New York City, NY
A Feast of Astonishments is the first museum exhibition to explore the art and impact of Charlotte Moorman (1933–1991) — cellist, performance artist, and impresario.
Best known for her collaborations with Nam June Paik, Moorman was a bold, barrier-breaking performer and a tireless champion of the avant-garde. Her landmark festivals presented experimental art for over 15 years at various sites around New York. Featuring an array of objects—sculptures, photographs, videos, annotated music scores, and newly discovered props and costumes for performance works—this exhibition considers Moorman’s life, her influence, and her transatlantic network of collaborators from diverse creative disciplines.
Credit: Exhibition overview from museum website.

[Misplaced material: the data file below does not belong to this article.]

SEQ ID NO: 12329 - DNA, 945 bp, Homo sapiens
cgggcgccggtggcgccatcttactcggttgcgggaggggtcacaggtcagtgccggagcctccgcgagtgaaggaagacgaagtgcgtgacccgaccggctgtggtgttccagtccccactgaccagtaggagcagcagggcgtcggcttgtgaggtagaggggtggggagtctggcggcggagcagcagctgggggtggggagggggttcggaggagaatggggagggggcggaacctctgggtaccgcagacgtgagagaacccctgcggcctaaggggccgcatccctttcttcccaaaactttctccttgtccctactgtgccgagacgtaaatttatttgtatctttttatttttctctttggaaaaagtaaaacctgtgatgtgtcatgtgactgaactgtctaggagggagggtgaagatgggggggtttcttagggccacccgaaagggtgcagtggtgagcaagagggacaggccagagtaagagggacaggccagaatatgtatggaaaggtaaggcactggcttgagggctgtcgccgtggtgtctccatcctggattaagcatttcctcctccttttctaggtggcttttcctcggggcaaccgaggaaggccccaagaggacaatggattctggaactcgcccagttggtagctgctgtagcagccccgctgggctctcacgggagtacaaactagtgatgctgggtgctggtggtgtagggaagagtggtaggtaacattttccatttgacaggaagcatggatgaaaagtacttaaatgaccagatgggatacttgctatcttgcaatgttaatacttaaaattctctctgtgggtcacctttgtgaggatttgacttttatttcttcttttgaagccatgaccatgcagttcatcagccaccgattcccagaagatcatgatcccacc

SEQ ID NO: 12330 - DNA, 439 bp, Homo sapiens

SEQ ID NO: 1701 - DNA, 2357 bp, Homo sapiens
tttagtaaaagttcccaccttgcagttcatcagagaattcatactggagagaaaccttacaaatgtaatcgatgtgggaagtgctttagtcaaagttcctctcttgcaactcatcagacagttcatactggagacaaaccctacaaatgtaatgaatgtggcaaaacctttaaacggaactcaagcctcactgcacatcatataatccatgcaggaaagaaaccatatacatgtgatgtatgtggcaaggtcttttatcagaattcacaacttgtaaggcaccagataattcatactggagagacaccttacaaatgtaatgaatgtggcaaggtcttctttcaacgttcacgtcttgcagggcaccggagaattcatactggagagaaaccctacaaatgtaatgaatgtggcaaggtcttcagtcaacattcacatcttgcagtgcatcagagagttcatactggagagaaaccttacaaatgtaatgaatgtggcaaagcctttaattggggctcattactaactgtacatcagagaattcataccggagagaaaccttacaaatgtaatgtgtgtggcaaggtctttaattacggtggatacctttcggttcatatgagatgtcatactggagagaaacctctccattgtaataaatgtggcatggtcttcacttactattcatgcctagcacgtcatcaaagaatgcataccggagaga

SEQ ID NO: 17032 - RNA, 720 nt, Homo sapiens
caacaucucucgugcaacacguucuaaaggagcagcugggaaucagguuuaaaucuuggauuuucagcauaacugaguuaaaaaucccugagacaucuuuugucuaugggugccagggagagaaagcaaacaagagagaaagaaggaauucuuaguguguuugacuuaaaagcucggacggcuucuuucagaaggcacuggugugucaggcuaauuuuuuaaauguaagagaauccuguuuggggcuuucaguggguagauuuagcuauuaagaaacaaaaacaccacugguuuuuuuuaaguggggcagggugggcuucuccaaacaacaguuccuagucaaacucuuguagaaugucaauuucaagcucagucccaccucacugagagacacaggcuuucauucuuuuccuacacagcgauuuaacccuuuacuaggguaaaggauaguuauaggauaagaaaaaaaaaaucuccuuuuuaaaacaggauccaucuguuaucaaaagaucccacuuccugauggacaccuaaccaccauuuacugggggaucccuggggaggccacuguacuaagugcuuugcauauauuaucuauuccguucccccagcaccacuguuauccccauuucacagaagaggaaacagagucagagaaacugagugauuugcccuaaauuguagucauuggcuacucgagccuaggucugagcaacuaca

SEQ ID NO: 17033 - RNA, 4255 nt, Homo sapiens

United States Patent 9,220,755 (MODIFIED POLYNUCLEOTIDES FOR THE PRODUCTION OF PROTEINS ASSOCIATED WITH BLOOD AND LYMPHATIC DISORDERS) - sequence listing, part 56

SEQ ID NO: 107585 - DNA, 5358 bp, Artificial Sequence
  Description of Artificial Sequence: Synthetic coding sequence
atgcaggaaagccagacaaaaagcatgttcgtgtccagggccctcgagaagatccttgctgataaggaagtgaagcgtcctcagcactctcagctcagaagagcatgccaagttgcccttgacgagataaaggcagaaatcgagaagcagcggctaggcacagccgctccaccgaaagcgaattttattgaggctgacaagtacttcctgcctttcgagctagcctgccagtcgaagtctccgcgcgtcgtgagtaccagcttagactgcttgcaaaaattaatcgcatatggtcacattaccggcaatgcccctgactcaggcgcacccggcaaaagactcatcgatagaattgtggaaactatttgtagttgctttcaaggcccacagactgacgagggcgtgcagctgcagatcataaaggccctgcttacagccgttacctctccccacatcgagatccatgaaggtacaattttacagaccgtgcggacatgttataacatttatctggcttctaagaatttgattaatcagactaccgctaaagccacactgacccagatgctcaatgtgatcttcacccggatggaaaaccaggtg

Whether you go or not, the exhibition catalog, A Feast of Astonishments: Charlotte Moorman and the Avant-Garde, 1960s-1980s, offers a fresh perspective on the artist, with more than 150 color images and essays by art historians, curators, and musicologists. Charlotte Moorman was a bold, barrier-breaking musician and performance artist and a tireless champion of experimental art, whose avant-garde festivals in New York City brought new art forms to a broad public. To date, recognition of Moorman has been limited mostly to her collaborations with other artists, including composer John Cage and pioneering multimedia artist Nam June Paik, and to her 1967 performance of Paik’s "Opera Sextronique," for which she became known as the "topless cellist" after being arrested on indecency charges. A Feast of Astonishments looks deeper to portray Moorman as a leading international figure in her own right.